Four-hundred bushels of corn per acre in south Georgia, more than 100 bushels of soybeans per acre in Arkansas, 7,000-plus pounds of peanuts per acre throughout the Southern Peanut Belt, cotton topping 5 bales in the Mid-South …the list goes on.
Crop yields in the South are shattering records left and right, and the possibilities seem limitless. Much of the credit is going to improved varieties and rightfully so. Genetic improvements continue to occur at a dizzying pace, and producers are more than willing to test the mettle of these new hybrids in the most challenging situations.
Farmers in the lower Southeast got their first real taste of high yields on large scale during the 2012 growing season, when Georgia’s peanut crop smashed all records with an average yield of 4,550 pounds per acre.
Even this year, when it was feared that late planting and excessive rainfall might have a negative impact on overall yields, peanut producers in the state are expected to average just under 4,000 pounds per acre, quite an achievement when you consider how many fields were washed out by record-high rainfall amounts.
This is how yield records get broken?
So what does this tell us? For one, improved hybrids definitely can take a punch and still produce decent or even above-average yields. But it also says volumes about what is possible if these genetically modified varieties are combined with ideal growing conditions and meticulous management. This is when records are broken.
In a study conducted in southwest Georgia’s Baker County in 2012, Extension agents and specialists looked at the genetic potential of the widely planted Georgia-06G cultivar. The theory was that even with yields of 4,000 to 5,000 pounds per acre, much more was possible, and the theory was proven correct.
The study revealed that if growers follow a three to four-year rotational plan, utilize new peanut fungicides, use a computer irrigation scheduler such as IrrigatorPro, provide adequate fertility, and use deep tillage, 7,000 pounds of peanuts per acre is a realistic goal in most years.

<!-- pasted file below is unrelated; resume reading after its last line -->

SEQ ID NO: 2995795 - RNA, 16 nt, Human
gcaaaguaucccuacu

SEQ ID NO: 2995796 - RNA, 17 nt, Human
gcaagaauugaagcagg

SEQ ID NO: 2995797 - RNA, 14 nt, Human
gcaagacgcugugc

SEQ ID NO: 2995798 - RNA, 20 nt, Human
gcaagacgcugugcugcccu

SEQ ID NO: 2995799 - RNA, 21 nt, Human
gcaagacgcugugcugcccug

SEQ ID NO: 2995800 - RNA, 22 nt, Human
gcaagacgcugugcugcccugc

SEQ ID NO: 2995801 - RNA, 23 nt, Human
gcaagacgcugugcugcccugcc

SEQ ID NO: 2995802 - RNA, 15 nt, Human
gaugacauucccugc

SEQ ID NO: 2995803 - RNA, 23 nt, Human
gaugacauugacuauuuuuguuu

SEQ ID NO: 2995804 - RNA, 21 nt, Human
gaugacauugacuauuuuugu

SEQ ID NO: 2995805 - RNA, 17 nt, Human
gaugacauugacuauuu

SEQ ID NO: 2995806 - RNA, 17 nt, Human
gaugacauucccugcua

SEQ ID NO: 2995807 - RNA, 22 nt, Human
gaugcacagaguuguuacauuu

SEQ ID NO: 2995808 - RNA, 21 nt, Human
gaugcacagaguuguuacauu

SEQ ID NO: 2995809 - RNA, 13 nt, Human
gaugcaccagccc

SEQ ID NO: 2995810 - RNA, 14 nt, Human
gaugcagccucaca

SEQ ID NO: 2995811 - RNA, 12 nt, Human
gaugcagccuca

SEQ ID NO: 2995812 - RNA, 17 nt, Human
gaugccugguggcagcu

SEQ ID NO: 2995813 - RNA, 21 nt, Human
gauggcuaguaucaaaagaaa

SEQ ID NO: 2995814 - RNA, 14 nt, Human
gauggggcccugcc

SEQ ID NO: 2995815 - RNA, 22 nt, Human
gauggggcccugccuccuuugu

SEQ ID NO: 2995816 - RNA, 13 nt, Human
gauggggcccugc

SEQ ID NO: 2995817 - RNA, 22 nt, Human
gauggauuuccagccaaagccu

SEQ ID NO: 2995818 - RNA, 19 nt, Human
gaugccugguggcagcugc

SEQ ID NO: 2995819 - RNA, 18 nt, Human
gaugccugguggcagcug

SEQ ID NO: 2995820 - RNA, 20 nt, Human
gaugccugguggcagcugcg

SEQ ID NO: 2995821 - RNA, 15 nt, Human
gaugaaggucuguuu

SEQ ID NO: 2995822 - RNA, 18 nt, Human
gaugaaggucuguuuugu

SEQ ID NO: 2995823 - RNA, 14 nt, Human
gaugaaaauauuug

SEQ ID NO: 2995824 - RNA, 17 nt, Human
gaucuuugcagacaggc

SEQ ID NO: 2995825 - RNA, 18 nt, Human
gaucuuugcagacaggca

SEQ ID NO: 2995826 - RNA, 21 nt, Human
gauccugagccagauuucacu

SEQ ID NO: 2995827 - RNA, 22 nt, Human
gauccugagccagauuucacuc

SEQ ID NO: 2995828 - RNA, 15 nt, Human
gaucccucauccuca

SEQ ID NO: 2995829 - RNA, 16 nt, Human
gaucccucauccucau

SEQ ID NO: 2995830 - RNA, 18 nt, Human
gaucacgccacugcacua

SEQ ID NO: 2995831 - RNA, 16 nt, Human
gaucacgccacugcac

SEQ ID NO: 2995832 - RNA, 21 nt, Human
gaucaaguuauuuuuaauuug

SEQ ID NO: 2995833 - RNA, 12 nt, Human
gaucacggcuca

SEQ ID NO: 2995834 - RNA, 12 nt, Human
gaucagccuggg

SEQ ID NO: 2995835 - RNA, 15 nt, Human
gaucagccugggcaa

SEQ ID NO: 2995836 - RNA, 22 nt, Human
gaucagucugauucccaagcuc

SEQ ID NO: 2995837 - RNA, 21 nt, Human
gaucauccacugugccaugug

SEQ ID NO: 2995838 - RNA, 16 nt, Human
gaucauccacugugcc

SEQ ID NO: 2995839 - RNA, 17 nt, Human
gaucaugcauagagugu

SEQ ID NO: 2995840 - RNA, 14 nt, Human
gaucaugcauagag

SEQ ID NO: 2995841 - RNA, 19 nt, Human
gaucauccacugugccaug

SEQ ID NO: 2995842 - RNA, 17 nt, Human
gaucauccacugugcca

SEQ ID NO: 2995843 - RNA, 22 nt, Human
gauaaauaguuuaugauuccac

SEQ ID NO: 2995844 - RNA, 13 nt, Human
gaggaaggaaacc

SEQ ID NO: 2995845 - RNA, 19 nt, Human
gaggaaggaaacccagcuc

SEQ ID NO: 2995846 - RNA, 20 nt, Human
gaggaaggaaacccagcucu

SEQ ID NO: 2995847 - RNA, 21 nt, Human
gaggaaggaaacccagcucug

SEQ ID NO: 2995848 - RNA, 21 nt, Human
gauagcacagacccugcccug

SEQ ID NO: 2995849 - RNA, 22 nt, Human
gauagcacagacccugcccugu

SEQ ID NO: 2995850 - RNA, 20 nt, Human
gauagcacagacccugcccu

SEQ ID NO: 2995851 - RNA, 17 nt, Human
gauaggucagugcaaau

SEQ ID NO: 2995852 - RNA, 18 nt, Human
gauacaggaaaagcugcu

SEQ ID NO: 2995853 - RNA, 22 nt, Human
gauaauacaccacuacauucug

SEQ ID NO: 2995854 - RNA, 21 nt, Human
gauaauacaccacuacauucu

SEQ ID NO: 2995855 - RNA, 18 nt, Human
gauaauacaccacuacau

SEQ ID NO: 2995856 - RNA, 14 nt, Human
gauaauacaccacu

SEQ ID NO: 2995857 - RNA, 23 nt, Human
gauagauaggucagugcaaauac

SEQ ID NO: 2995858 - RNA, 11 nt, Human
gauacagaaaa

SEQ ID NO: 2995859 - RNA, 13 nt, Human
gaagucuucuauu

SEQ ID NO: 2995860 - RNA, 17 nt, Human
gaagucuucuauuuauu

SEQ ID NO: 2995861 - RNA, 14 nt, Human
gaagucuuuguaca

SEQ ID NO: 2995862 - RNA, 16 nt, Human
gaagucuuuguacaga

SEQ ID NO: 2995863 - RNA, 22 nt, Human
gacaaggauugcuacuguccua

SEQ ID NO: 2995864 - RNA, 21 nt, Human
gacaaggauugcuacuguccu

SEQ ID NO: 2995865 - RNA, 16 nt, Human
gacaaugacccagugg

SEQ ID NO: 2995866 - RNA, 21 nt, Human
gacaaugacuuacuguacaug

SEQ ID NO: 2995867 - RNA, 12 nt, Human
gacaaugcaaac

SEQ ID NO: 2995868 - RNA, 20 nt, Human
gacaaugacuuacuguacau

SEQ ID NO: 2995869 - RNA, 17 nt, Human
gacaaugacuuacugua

The key was to change production practices to accommodate the yield potential of the improved cultivar. Three peanut farmers who adopted the recommended production practices increased yields from 5,500 pounds per acre – not too shabby – to 7,000 pounds.
400-bushels-per-acre corn yield barrier cracked
South Georgia farmer Randy Dowdy, a grower who has captured the imagination of farmers throughout the region with his uncanny ability to produce record-breaking corn yields from soils that could be described as less than ideal.
While the numbers from the National Corn Growers Yield Contest were not official as of press time, the word is that three U.S. growers officially broke the 400-bushels-per-acre yield barrier in 2013, including Dowdy, who set a goal this year of 400 bushels per acre, got slammed by some of the worst weather conditions in decades, and then promptly met his goal. No problem.
But, as is most times the case, it wasn’t as easy as it may have looked. Randy is the first to extol the virtues of improved varieties, but he also cautions that it’s not the be-all and end-all when it comes to making high yields.
The same variety that made his best corn yields in 2011 and 2012 also made his worst yields this year. The difference, he says, was in the planting date and in the stage of growth during stressful periods of low sunlight and high rainfall.
Like any exceptional farmer, Dowdy closely observed the events of this past year and is already planning for 2014. While he has always planted multiple hybrids, he’ll take it to a whole new level next year. He’ll still attempt to plant all of his corn acreage over a week to 10-day period, but he’ll spread his risks more, over relative maturities and with different plant populations.
In other words, it still comes down to good management. These genetic wonders aren’t to the point to where they’ll grow by themselves, unaffected by poor weather conditions and/or neglect.